Visual Studio SLN
On windows, CMake is used to generate a SLN and associated project files.
> mkdir build > cd build > cmake .. <options>
Once you've generated your SLN, you can just open it and use Visual Studio to build the project for you just like any other project.
Alternatively, you can just invoke msbuild.exe on the generated solution and build from the command line.
> msbuild opendnp3.sln
CMake creates a special project called "install" that you can run inside Visual Studio to install the headers and libraries to the directory specified by CMAKE_INSTALL_PREFIX.
If you need to build the stack w/ TLS support (or you're using the .NET bindings), then you need to install openssl on Windows. Use the installers from ShiningLight.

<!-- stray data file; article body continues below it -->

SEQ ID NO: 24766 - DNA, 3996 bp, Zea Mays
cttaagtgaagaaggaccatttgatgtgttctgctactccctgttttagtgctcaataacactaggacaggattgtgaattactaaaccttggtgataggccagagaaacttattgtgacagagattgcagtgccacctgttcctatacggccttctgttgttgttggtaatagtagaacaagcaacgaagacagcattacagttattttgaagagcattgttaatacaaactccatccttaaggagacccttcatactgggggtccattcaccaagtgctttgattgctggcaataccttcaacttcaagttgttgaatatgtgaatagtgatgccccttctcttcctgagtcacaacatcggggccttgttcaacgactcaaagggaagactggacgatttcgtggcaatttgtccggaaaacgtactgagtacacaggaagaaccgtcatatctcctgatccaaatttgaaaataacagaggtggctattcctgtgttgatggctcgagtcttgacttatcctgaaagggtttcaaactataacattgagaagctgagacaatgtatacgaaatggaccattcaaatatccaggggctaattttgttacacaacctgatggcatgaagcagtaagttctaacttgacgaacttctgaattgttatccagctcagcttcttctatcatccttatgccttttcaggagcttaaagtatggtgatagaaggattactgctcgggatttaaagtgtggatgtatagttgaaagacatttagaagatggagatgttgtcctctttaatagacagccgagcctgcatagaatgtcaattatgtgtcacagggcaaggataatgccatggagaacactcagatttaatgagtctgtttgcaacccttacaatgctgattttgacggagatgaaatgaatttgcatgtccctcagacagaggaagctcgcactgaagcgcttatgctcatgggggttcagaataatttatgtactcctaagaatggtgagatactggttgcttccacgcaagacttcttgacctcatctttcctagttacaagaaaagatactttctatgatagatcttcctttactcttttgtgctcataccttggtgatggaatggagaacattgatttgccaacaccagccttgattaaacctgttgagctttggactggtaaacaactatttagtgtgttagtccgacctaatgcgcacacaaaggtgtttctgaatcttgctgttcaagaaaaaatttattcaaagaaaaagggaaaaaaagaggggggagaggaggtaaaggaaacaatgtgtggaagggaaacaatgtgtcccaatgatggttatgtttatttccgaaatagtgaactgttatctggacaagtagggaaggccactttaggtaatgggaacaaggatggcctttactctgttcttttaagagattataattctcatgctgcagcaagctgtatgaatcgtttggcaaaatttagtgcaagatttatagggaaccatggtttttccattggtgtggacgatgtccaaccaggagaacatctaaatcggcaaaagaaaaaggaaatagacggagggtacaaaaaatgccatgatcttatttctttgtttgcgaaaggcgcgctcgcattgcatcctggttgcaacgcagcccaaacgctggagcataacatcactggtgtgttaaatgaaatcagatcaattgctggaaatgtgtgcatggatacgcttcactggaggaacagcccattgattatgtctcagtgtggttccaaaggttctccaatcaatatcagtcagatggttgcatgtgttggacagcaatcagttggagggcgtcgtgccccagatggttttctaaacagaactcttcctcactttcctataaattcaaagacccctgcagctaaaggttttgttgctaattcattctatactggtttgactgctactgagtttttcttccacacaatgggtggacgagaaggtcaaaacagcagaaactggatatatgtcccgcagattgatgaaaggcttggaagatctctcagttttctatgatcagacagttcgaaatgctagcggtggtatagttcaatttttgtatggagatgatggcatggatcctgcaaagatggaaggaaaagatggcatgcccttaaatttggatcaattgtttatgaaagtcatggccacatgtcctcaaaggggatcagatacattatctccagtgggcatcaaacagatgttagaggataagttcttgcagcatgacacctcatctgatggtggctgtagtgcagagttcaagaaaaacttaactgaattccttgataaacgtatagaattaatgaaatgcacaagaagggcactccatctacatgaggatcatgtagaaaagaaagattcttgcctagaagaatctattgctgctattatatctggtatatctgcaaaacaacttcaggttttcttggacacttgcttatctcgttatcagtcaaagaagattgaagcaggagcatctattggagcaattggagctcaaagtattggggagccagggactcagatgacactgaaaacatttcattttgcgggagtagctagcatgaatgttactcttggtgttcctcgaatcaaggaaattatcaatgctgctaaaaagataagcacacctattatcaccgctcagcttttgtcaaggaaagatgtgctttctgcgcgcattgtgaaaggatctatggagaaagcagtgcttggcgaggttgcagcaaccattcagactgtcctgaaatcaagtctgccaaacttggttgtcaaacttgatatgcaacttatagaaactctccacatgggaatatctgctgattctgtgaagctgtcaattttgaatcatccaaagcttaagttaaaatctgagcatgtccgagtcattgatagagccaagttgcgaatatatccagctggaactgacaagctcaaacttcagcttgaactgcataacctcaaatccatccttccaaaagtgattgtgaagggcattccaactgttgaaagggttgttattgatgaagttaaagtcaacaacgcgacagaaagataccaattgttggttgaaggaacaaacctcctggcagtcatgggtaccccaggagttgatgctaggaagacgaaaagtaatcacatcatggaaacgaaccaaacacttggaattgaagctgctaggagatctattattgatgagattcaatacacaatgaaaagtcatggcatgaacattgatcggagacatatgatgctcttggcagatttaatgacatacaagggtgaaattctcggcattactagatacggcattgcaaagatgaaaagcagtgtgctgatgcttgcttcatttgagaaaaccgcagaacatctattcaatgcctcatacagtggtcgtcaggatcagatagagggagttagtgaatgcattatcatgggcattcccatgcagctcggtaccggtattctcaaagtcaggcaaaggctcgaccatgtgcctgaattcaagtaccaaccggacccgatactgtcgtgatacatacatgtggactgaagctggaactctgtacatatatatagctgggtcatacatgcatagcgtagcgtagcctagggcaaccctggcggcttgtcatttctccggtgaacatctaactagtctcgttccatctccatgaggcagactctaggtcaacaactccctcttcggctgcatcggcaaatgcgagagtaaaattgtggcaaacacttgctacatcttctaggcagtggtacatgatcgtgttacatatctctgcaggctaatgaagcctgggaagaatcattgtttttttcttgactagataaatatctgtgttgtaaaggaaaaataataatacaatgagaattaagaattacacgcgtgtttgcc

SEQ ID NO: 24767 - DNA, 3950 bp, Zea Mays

By far, the easiest way to use the .NET bindings is just to install the Nuget package we publish:
PM> Install-Package opendnp3
or to allow pre-release versions:
PM> Install-Package opendnp3 -Pre
Building the .NET bindings requires linking to openssl. As a result, you need to create and install an opendnp3 build with -DFULL=ON set when creating the SLN.
The .NET bindings use a separate SLN located in the 'dotnet' folder (bindings.sln). They treat the C++ libraries as if they were a dependency. There are a few environment variables you need to define so that the SLN can find opendnp3.
- OPENDNP3_DIR - The directory where opendnp3 was installed, e.g. your argument to CMAKE_INSTALL_PREFIX
- OSSL_LIB32_DIR - The directory where the 32-bit openssl libraries are installed, e.g. C:\OpenSSL-Win32\lib\VC\static
- OSSL_LIB64_DIR - The directory where the 64-bit openssl libraries are installed, e.g. C:\OpenSSL-Win64\lib\VC\static
Using the "static" directory of the openssl distribution will create .NET bindings that statically link all of openssl. If you'd prefer to link dynamically use the "lib/VC" directory instead.
You don't need to define both the 32/64 bit library locations. Just define what you plan on building.